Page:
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  • DAMA Day 2019 - Let's Talk Data Democratization and Data Privacy

DAMA Day 2019 - Let's Talk Data Democratization and Data Privacy

  • May 16, 2019
  • 7:30 AM - 6:00 PM
  • Embassy Suites, 3225 158th Ave. SE, Bellevue


  • Denodo Individual Registration, Per Person from Current Date to May 13th at 8 p.m.

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  • Group Rate (3+) Per Person from Current Date to May 13th at 8 p.m.

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  • Discounted Registration Fee. This fee is available until 8 p.m. on May 13th.
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The demand for self-service analytics is placing unprecedented pressure on organizations to provide its workers easy access to the organization’s data assets. Simultaneously, rapidly-expanding data privacy regulations are requiring limitations and safeguards be put in place or an organization could face significant legal and reputational repercussions.

This year’s DAMA Day will focus on these two topics and highlight how firms are attempting to strike the right balance between them.

Important info for IAPP certified professionals:  The IAPP has pre-approved DAMA Day for 7 CPE credits! More information can be found on the IAPP Industry Events page.

Presentation Topics

Key Note: First Comes Ethics, then Come Democratization

Presented by Aaron Weller  

While allowing broad access to data sounds like a great opportunity - if you consider how valuable that data can be, there is clear risk in democratizing access without appropriate risk management in place, but where traditional risk management doesn't have the answers, what can you do?

Building a culture of responsible data usage with a strong ethical basis within your organization will allow you to both reap the benefits of data democratization and respect personal information in accordance with your organizational goals and those of other stakeholders.  Think beyond compliance and about how to develop and deliver a culture that makes data work for you.

Data Privacy: Can you future proof your data governance in a rapidly changing world?

Presented by Brendon Lynch

New and updated data privacy rules and regulations are proliferating globally, making the governance of personal data increasingly challenging. At the same time organizations across all industries are transforming digitally and using more and more data to help drive product innovation, employee productivity, operational efficiency and customer connectivity. Data governance programs increasingly need to take account of various privacy requirements around the world while ensuring that those digital transformation benefits can be realized. In this session, you will hear how Microsoft is seeking to deliver a principled, globally-consistent privacy experience to its customers while maintaining compliance with a growing list of privacy and data protection laws around the world. It will also explore the important question of whether a common set of data privacy practices and controls can not only enable compliance with the varying requirements around the world, but can also ‘future proof’ us against what might be on the horizon.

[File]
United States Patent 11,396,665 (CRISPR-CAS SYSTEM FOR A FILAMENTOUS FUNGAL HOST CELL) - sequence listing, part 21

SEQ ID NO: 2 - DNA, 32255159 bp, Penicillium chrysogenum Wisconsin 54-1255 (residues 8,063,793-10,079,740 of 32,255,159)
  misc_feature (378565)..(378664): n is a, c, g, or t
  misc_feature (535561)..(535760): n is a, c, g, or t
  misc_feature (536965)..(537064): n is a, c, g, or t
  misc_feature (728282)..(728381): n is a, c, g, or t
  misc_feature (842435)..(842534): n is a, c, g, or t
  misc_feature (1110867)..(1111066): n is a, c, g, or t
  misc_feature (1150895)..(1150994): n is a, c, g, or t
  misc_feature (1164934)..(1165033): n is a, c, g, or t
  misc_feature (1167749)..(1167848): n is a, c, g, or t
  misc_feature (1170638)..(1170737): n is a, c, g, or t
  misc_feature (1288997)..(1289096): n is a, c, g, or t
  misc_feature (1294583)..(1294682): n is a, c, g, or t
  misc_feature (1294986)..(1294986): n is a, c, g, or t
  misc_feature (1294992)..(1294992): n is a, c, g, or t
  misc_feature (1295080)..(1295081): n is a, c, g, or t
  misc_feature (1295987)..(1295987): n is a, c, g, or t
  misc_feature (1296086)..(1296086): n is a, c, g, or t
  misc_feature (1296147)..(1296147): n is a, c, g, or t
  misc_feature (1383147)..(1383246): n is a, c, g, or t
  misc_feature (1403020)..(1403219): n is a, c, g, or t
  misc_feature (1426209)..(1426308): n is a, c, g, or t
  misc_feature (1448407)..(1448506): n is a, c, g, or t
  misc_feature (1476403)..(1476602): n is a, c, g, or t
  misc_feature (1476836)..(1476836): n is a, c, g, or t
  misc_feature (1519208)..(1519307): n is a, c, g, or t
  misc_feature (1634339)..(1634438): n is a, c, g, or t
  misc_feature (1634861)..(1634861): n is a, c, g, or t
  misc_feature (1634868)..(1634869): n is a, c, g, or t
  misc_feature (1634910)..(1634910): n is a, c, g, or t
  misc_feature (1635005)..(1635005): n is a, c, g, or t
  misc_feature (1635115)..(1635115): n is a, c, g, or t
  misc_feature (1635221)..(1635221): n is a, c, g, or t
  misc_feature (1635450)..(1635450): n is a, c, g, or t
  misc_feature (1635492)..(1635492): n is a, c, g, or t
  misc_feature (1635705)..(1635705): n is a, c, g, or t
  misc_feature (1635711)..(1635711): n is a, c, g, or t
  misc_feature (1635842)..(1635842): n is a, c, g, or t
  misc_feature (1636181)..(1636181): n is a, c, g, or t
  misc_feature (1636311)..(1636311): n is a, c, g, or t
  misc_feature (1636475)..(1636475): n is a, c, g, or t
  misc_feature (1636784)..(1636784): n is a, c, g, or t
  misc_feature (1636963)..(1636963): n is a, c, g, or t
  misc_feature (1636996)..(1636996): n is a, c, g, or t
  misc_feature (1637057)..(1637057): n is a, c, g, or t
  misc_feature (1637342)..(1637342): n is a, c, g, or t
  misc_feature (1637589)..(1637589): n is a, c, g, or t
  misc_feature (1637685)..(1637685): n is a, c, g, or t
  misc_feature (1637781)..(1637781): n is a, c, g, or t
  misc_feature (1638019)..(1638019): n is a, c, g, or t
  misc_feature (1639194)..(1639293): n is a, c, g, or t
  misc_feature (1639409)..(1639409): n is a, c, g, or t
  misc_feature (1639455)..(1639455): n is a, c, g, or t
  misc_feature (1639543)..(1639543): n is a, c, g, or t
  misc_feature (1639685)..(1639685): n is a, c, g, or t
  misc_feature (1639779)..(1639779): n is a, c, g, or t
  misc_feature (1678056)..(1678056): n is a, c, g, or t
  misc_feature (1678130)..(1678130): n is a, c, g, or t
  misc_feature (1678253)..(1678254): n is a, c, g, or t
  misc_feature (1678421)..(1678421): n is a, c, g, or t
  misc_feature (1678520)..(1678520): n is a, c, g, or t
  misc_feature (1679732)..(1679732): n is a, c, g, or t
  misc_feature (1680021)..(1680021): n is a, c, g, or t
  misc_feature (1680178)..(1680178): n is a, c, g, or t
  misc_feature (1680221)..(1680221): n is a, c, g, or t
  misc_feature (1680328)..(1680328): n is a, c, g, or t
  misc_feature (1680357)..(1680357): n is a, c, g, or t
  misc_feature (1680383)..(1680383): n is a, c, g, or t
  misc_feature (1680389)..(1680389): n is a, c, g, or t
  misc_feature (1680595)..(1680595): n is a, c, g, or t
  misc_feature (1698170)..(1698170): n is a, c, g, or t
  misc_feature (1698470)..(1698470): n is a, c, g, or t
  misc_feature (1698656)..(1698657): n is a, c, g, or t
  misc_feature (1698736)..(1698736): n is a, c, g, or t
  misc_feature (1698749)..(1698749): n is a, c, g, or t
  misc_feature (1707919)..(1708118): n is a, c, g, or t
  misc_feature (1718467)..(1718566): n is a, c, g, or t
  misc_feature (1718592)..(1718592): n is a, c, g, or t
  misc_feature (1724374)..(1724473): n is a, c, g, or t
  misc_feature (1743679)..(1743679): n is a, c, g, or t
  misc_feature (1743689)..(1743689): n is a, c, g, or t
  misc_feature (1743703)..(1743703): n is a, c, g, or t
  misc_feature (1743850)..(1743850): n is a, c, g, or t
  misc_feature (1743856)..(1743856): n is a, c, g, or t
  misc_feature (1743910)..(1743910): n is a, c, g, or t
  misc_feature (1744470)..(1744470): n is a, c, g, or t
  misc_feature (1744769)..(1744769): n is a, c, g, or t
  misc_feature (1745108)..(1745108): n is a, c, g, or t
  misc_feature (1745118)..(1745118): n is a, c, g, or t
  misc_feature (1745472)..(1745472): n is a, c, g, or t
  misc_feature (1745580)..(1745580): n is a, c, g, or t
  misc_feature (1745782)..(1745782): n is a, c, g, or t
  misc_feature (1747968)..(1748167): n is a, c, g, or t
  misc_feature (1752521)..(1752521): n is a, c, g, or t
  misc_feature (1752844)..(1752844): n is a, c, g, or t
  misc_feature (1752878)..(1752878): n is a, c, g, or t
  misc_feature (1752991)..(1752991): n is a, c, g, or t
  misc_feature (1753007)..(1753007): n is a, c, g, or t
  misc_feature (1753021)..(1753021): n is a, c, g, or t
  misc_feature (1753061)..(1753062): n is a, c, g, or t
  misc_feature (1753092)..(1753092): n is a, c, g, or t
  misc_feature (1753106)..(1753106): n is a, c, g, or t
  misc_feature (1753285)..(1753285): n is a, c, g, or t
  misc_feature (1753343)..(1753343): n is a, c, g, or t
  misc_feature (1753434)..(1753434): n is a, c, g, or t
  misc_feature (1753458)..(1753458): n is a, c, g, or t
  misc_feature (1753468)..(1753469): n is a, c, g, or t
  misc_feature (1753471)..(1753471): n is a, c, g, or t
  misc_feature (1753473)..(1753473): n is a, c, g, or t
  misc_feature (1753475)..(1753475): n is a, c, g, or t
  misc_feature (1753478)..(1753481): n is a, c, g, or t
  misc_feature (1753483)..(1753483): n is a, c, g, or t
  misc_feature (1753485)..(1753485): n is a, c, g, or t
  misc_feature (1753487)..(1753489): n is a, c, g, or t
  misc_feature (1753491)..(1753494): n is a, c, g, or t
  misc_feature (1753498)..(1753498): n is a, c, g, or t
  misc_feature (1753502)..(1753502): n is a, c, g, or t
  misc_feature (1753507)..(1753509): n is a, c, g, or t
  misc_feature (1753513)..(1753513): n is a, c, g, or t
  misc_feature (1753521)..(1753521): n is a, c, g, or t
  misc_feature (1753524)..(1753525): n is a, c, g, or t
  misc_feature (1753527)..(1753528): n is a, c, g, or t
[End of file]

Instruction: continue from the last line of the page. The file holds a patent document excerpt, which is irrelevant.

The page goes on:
Panel:   A Foundation for Data Democratization

Presented by Jeff Steffens, John Krpan, Ray Palokovic

Take advantage of an well informed panel that covers the topic of Data Democratization from a number of perspectives.  Four panel members will exchange light-hearted debate on what it will really takes to achieve the goal of Data Democratization based on their respective battle scars.  The audience will gain an appreciation for the trade-offs in privacy, user control, traditional data governance and why “thinking big” isn’t always the answer (but thinking critically is).

Gold Sponsor:  Denodo

Data Democratization with Proper Guard Rails in Place

Presented by Saptarshi Sengupta